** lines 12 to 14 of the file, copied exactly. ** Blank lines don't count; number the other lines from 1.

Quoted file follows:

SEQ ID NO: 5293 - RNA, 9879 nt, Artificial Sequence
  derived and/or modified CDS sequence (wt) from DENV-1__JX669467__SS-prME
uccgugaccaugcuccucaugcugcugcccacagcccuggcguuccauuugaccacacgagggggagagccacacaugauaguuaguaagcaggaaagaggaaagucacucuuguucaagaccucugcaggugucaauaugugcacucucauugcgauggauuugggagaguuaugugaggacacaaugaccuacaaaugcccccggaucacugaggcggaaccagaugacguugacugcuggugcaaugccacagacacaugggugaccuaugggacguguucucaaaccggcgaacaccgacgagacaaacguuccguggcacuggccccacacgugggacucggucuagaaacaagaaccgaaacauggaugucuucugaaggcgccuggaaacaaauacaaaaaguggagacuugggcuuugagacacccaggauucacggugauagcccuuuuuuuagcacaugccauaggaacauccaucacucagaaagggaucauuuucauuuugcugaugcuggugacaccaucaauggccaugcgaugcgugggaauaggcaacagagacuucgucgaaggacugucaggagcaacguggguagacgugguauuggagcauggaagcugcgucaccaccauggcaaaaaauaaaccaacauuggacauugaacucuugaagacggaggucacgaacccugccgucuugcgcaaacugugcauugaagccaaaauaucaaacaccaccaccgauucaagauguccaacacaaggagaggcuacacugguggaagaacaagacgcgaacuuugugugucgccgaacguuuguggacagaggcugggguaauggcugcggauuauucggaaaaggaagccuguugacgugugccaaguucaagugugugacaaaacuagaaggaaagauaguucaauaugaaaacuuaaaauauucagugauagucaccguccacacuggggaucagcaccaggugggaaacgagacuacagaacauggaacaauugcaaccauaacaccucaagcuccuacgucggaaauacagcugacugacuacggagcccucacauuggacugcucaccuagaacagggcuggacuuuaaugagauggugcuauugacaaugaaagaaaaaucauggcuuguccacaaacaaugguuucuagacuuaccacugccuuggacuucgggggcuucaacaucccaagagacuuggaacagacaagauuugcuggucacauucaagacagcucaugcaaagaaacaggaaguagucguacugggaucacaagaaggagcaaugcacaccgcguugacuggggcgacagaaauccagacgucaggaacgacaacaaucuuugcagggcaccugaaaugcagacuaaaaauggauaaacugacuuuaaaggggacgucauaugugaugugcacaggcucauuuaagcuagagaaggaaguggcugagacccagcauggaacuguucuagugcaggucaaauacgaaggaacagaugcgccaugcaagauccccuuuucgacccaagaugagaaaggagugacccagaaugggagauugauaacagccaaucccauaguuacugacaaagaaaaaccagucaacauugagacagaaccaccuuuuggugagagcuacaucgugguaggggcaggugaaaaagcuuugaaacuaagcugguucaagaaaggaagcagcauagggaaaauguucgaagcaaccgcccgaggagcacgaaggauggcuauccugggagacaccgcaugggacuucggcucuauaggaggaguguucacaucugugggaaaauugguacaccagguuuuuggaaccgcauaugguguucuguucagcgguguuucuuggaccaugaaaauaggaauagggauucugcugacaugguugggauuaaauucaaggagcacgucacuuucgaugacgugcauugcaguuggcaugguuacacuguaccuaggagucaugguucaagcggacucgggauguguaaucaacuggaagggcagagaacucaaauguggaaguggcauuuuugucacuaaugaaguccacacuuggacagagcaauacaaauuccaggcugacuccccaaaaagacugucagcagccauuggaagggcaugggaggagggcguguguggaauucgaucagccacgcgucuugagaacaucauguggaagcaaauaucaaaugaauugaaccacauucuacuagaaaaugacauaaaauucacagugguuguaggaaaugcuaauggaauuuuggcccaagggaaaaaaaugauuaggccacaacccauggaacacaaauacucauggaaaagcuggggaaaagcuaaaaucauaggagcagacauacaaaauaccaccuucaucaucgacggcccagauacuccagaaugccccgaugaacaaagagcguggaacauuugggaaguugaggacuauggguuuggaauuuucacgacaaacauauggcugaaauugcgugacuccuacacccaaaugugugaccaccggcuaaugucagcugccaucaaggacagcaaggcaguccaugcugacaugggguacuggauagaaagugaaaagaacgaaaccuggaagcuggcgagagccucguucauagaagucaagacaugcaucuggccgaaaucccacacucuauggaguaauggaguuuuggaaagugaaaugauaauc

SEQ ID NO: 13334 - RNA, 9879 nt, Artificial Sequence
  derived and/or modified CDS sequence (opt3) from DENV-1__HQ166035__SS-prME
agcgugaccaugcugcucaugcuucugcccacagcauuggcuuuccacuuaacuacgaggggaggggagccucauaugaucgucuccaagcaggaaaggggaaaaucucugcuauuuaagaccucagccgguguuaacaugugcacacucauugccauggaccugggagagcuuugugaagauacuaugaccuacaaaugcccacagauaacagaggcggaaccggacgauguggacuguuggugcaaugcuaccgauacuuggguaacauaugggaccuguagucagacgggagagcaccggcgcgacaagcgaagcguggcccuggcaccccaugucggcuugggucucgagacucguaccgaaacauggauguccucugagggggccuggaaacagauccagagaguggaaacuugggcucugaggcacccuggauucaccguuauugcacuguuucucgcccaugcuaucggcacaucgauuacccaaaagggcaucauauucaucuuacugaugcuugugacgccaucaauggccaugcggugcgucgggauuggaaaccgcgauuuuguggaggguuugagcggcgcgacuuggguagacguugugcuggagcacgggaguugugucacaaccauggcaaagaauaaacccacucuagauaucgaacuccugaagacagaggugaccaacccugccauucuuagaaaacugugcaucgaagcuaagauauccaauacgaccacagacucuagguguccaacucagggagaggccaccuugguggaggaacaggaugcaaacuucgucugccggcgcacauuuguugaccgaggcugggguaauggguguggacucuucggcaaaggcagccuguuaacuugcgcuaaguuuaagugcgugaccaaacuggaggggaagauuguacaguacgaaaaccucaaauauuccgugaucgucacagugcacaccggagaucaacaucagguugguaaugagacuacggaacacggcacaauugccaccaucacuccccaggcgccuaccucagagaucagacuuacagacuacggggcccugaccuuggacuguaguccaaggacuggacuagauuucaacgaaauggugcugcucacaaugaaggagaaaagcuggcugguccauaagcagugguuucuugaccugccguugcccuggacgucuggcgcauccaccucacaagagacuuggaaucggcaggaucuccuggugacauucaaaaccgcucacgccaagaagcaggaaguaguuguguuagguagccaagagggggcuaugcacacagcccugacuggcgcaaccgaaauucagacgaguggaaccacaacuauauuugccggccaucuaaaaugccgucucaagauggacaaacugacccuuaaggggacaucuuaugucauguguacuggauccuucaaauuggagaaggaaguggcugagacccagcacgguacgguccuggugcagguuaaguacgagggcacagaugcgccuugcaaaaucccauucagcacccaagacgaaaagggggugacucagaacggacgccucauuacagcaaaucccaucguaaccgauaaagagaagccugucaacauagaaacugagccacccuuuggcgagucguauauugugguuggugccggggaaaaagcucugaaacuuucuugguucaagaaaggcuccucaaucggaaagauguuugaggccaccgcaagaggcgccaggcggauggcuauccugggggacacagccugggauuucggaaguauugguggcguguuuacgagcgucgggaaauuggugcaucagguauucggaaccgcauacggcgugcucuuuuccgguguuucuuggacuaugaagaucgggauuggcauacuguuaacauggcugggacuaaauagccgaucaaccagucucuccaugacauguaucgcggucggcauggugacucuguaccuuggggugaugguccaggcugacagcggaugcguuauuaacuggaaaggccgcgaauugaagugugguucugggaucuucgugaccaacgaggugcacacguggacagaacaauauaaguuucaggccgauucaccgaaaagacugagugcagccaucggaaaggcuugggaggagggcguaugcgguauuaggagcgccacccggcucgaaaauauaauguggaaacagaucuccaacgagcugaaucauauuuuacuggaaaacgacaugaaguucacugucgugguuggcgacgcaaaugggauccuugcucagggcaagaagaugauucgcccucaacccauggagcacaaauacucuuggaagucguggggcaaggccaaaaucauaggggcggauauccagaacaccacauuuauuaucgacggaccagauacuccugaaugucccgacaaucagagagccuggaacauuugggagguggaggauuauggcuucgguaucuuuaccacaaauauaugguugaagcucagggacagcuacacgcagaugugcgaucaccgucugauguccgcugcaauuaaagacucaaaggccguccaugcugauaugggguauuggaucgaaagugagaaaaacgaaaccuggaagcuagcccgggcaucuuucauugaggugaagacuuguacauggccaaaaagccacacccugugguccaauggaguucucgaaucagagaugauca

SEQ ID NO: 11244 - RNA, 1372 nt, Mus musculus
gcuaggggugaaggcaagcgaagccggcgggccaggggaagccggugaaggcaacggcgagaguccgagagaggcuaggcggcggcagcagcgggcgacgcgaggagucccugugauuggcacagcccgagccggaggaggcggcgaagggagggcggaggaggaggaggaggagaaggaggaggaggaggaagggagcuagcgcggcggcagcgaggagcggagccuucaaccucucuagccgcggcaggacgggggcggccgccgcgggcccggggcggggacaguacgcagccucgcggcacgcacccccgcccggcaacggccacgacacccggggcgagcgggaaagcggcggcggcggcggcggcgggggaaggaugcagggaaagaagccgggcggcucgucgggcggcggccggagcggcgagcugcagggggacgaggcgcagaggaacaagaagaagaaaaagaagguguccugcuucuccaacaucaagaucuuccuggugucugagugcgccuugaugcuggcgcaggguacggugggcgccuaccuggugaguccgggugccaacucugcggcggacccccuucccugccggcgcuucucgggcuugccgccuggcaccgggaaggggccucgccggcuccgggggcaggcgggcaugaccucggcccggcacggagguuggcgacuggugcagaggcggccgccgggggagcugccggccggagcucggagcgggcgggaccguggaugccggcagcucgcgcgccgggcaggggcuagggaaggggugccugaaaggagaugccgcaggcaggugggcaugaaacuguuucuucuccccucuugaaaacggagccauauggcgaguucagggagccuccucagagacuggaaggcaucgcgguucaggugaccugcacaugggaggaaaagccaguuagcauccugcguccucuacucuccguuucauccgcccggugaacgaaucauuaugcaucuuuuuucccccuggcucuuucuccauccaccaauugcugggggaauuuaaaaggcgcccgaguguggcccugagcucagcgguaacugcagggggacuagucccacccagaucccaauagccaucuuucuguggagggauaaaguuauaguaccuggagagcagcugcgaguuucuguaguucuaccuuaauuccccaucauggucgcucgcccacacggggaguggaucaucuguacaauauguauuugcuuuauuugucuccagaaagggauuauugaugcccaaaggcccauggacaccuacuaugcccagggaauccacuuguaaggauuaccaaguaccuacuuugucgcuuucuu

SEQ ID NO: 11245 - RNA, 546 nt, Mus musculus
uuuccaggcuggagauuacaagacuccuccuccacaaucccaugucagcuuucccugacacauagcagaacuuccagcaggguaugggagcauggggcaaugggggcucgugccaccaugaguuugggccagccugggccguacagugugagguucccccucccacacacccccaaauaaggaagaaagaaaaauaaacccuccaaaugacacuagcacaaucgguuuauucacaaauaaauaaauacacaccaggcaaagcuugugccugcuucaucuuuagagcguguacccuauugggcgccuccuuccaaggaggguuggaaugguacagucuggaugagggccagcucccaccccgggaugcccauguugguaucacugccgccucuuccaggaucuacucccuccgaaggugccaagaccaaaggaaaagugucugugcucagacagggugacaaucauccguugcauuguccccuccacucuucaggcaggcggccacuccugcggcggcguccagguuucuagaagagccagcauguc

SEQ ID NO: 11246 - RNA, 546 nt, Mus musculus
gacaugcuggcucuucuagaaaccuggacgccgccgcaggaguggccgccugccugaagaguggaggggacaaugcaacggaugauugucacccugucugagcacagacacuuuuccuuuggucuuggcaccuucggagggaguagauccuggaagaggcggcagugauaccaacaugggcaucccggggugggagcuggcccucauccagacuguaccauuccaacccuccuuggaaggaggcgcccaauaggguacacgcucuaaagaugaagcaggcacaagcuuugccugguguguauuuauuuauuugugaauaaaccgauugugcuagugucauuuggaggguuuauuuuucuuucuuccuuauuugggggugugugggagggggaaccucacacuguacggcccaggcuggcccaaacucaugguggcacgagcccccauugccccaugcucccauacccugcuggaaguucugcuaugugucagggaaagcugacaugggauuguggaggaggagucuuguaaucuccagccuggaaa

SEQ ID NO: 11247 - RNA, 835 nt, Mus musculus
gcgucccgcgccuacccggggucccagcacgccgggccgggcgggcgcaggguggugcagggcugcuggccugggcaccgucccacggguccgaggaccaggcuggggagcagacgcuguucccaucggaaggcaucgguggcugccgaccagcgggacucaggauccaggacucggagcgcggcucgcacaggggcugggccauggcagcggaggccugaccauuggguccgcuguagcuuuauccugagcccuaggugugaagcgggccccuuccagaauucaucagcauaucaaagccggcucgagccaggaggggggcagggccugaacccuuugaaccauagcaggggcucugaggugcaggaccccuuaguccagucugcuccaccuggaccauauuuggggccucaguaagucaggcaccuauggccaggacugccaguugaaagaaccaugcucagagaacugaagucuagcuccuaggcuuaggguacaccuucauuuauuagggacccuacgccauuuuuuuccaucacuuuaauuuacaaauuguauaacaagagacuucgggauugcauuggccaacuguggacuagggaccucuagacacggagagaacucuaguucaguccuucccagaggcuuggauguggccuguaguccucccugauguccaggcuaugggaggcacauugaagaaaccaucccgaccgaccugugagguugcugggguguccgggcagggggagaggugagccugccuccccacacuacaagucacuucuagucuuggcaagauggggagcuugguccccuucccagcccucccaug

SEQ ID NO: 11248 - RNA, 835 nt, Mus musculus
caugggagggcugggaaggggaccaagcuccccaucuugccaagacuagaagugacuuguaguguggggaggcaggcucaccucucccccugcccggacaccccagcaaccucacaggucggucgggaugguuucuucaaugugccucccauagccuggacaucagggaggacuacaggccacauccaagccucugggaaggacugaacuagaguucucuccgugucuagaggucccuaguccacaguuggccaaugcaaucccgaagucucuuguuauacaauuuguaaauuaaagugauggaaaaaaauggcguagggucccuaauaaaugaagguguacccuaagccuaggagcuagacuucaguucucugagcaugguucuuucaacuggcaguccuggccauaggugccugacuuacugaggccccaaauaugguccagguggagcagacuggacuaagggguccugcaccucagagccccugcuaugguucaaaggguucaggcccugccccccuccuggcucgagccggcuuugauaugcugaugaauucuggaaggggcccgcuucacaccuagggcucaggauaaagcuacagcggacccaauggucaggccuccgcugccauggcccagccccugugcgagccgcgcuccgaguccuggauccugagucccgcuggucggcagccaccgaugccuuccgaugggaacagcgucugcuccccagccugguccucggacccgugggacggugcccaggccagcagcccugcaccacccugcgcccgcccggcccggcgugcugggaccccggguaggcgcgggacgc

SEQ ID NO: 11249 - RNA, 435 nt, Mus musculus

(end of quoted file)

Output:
gacaugcuggcucuucuagaaaccuggacgccgccgcaggaguggccgccugccugaagaguggaggggacaaugcaacggaugauugucacccugucugagcacagacacuuuuccuuuggucuuggcaccuucggagggaguagauccuggaagaggcggcagugauaccaacaugggcaucccggggugggagcuggcccucauccagacuguaccauuccaacccuccuuggaaggaggcgcccaauaggguacacgcucuaaagaugaagcaggcacaagcuuugccugguguguauuuauuuauuugugaauaaaccgauugugcuagugucauuuggaggguuuauuuuucuuucuuccuuauuugggggugugugggagggggaaccucacacuguacggcccaggcuggcccaaacucaugguggcacgagcccccauugccccaugcucccauacccugcuggaaguucugcuaugugucagggaaagcugacaugggauuguggaggaggagucuuguaaucuccagccuggaaa

SEQ ID NO: 11247 - RNA, 835 nt, Mus musculus
gcgucccgcgccuacccggggucccagcacgccgggccgggcgggcgcaggguggugcagggcugcuggccugggcaccgucccacggguccgaggaccaggcuggggagcagacgcuguucccaucggaaggcaucgguggcugccgaccagcgggacucaggauccaggacucggagcgcggcucgcacaggggcugggccauggcagcggaggccugaccauuggguccgcuguagcuuuauccugagcccuaggugugaagcgggccccuuccagaauucaucagcauaucaaagccggcucgagccaggaggggggcagggccugaacccuuugaaccauagcaggggcucugaggugcaggaccccuuaguccagucugcuccaccuggaccauauuuggggccucaguaagucaggcaccuauggccaggacugccaguugaaagaaccaugcucagagaacugaagucuagcuccuaggcuuaggguacaccuucauuuauuagggacccuacgccauuuuuuuccaucacuuuaauuuacaaauuguauaacaagagacuucgggauugcauuggccaacuguggacuagggaccucuagacacggagagaacucuaguucaguccuucccagaggcuuggauguggccuguaguccucccugauguccaggcuaugggaggcacauugaagaaaccaucccgaccgaccugugagguugcugggguguccgggcagggggagaggugagccugccuccccacacuacaagucacuucuagucuuggcaagauggggagcuugguccccuucccagcccucccaug